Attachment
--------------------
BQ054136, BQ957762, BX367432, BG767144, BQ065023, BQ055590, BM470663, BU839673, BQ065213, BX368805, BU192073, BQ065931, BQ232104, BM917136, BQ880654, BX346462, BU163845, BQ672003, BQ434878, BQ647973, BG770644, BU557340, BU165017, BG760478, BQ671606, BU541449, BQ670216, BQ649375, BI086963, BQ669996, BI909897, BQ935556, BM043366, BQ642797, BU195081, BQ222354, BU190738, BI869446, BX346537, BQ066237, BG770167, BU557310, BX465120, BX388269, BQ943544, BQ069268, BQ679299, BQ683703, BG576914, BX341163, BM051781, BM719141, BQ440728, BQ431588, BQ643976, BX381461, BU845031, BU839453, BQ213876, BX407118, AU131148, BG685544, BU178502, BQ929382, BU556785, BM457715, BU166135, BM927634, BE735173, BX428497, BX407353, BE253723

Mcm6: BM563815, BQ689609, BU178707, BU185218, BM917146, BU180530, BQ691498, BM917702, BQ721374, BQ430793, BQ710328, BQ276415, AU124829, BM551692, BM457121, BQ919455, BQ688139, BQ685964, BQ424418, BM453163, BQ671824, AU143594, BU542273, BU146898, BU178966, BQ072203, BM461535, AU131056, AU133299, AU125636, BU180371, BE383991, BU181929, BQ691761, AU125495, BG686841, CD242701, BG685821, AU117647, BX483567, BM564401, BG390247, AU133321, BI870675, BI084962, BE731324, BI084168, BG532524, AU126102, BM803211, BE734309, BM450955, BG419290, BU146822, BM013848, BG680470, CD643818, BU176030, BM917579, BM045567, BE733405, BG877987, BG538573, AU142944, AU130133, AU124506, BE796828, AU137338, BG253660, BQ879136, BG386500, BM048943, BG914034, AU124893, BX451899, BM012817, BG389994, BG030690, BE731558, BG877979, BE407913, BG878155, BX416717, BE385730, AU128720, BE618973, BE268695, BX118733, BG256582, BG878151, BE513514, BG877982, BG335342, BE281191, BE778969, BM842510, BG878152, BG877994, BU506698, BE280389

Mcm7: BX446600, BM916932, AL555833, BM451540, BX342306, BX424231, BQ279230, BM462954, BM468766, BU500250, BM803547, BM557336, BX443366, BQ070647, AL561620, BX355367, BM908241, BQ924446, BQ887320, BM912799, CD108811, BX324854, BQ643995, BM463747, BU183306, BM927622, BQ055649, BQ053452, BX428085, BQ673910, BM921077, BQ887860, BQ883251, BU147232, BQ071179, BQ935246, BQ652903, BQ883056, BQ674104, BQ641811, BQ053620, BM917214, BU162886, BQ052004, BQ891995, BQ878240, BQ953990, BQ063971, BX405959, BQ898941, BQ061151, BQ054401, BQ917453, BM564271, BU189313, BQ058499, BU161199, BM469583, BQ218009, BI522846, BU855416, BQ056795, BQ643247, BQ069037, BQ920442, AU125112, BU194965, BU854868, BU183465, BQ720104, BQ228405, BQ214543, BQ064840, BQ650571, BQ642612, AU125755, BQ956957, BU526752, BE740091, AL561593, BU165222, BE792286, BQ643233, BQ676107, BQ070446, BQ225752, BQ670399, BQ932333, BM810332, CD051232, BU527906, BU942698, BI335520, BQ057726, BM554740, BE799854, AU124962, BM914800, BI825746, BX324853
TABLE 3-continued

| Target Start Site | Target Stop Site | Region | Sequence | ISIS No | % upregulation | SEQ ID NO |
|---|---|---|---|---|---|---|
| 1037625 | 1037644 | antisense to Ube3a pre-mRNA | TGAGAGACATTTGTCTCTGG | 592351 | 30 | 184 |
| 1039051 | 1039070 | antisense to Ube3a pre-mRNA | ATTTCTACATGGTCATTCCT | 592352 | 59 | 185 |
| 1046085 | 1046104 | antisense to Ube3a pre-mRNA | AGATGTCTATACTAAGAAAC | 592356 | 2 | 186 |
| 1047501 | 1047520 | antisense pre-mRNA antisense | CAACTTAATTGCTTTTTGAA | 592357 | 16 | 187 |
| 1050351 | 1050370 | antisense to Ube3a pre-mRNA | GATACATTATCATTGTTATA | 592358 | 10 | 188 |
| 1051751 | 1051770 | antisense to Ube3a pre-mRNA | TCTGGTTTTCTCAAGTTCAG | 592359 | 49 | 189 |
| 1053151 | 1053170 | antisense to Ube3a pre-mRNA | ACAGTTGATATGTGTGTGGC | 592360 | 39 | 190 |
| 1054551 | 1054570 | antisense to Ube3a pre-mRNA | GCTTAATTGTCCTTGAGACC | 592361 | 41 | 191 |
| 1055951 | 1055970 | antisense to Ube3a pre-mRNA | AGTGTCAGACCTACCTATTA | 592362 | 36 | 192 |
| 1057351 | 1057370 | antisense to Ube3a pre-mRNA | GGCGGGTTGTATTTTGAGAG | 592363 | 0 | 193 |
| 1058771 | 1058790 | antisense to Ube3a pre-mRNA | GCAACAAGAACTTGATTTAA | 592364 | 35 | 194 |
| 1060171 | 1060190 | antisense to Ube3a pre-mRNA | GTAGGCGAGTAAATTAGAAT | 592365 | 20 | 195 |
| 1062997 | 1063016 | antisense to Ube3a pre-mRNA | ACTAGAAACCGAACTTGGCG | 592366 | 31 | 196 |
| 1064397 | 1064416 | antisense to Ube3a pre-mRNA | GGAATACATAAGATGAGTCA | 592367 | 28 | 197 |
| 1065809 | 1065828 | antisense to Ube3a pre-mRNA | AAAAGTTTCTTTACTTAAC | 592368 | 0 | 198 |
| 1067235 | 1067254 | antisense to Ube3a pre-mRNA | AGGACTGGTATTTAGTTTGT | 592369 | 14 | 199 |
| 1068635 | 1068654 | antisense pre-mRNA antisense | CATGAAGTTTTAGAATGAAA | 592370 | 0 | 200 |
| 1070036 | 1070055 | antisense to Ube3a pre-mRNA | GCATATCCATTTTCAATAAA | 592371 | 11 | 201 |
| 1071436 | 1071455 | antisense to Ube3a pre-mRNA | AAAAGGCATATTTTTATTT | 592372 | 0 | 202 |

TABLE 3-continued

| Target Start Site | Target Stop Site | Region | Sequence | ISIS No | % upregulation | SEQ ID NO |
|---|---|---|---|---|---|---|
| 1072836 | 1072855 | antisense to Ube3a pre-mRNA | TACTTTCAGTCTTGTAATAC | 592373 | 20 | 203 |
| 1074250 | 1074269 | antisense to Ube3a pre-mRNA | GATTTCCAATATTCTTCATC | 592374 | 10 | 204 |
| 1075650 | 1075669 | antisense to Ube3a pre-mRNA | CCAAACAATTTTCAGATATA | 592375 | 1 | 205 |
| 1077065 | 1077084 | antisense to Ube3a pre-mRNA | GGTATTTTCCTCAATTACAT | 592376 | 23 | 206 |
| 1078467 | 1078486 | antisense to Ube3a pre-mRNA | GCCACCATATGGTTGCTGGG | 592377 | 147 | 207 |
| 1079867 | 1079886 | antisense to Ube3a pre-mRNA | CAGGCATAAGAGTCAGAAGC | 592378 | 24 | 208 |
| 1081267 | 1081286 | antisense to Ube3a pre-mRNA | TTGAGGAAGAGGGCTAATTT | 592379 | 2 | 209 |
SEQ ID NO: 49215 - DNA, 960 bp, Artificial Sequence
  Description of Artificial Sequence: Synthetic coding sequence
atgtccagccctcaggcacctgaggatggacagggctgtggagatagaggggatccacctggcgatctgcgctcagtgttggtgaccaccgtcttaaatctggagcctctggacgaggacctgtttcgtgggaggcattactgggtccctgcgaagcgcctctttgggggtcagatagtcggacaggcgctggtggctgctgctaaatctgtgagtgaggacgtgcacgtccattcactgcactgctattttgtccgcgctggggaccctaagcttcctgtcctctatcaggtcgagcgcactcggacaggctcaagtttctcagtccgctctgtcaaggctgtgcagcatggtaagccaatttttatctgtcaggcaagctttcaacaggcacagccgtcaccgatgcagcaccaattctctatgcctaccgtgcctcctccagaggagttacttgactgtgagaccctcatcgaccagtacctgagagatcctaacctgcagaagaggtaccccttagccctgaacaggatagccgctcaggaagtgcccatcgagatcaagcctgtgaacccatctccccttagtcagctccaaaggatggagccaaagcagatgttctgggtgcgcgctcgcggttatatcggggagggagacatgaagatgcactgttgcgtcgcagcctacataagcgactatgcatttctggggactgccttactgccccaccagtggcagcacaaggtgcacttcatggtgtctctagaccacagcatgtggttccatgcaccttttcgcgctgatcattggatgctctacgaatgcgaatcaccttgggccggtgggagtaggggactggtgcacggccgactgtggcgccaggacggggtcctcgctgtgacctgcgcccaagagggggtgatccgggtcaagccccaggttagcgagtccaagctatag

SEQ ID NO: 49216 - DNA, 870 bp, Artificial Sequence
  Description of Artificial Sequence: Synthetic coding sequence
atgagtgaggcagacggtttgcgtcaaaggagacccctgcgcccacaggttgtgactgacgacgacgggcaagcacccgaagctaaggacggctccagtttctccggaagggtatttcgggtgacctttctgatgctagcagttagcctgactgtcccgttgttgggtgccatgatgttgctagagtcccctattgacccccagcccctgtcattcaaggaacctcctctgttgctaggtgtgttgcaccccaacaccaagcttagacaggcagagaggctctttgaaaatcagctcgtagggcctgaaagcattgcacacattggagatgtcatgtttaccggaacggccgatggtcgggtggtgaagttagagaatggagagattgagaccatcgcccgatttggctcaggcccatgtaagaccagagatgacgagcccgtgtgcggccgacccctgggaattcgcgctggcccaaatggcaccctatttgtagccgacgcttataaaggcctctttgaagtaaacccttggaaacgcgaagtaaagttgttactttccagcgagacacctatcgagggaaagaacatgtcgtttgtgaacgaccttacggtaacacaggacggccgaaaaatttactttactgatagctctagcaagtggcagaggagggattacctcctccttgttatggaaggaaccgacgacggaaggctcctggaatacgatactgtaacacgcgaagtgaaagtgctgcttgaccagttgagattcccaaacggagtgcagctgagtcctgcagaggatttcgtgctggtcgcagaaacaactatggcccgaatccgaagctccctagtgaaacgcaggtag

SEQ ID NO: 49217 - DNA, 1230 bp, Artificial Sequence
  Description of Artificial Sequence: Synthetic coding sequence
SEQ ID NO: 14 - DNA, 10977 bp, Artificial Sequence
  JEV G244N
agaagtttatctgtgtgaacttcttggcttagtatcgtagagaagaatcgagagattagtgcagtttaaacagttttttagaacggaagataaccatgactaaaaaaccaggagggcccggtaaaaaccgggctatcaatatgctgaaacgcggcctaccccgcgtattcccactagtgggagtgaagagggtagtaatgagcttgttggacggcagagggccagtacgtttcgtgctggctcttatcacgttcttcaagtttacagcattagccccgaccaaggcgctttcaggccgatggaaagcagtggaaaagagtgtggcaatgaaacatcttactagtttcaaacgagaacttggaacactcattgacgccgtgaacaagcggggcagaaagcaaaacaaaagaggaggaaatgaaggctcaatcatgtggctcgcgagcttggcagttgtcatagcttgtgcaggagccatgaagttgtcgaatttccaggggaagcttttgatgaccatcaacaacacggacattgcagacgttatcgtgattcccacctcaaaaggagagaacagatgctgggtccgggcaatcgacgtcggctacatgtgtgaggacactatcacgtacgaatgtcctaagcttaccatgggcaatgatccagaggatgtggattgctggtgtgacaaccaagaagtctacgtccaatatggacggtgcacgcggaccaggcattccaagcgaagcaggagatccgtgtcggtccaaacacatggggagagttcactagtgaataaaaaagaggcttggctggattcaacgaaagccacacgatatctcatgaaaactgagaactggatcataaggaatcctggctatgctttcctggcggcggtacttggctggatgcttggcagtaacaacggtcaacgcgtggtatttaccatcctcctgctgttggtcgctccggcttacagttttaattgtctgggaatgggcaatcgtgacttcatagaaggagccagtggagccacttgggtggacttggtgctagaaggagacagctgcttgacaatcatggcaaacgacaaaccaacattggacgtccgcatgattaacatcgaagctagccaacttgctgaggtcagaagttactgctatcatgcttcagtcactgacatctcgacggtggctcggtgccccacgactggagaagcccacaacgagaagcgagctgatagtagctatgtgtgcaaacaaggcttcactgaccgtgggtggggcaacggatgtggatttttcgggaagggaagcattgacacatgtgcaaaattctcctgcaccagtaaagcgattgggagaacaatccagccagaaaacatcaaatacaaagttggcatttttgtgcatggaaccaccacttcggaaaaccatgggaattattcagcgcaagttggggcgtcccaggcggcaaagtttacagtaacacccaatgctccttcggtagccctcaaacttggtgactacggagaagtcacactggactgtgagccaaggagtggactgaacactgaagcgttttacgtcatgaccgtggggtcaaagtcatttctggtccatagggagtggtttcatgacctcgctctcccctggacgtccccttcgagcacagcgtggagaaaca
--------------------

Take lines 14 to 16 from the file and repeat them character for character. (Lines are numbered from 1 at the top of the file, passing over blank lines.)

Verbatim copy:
| 1054551 | 1054570 | antisense to Ube3a pre-mRNA | GCTTAATTGTCCTTGAGACC | 592361 | 41 | 191 |
| 1055951 | 1055970 | antisense to Ube3a pre-mRNA | AGTGTCAGACCTACCTATTA | 592362 | 36 | 192 |
| 1057351 | 1057370 | antisense to Ube3a pre-mRNA | GGCGGGTTGTATTTTGAGAG | 592363 | 0 | 193 |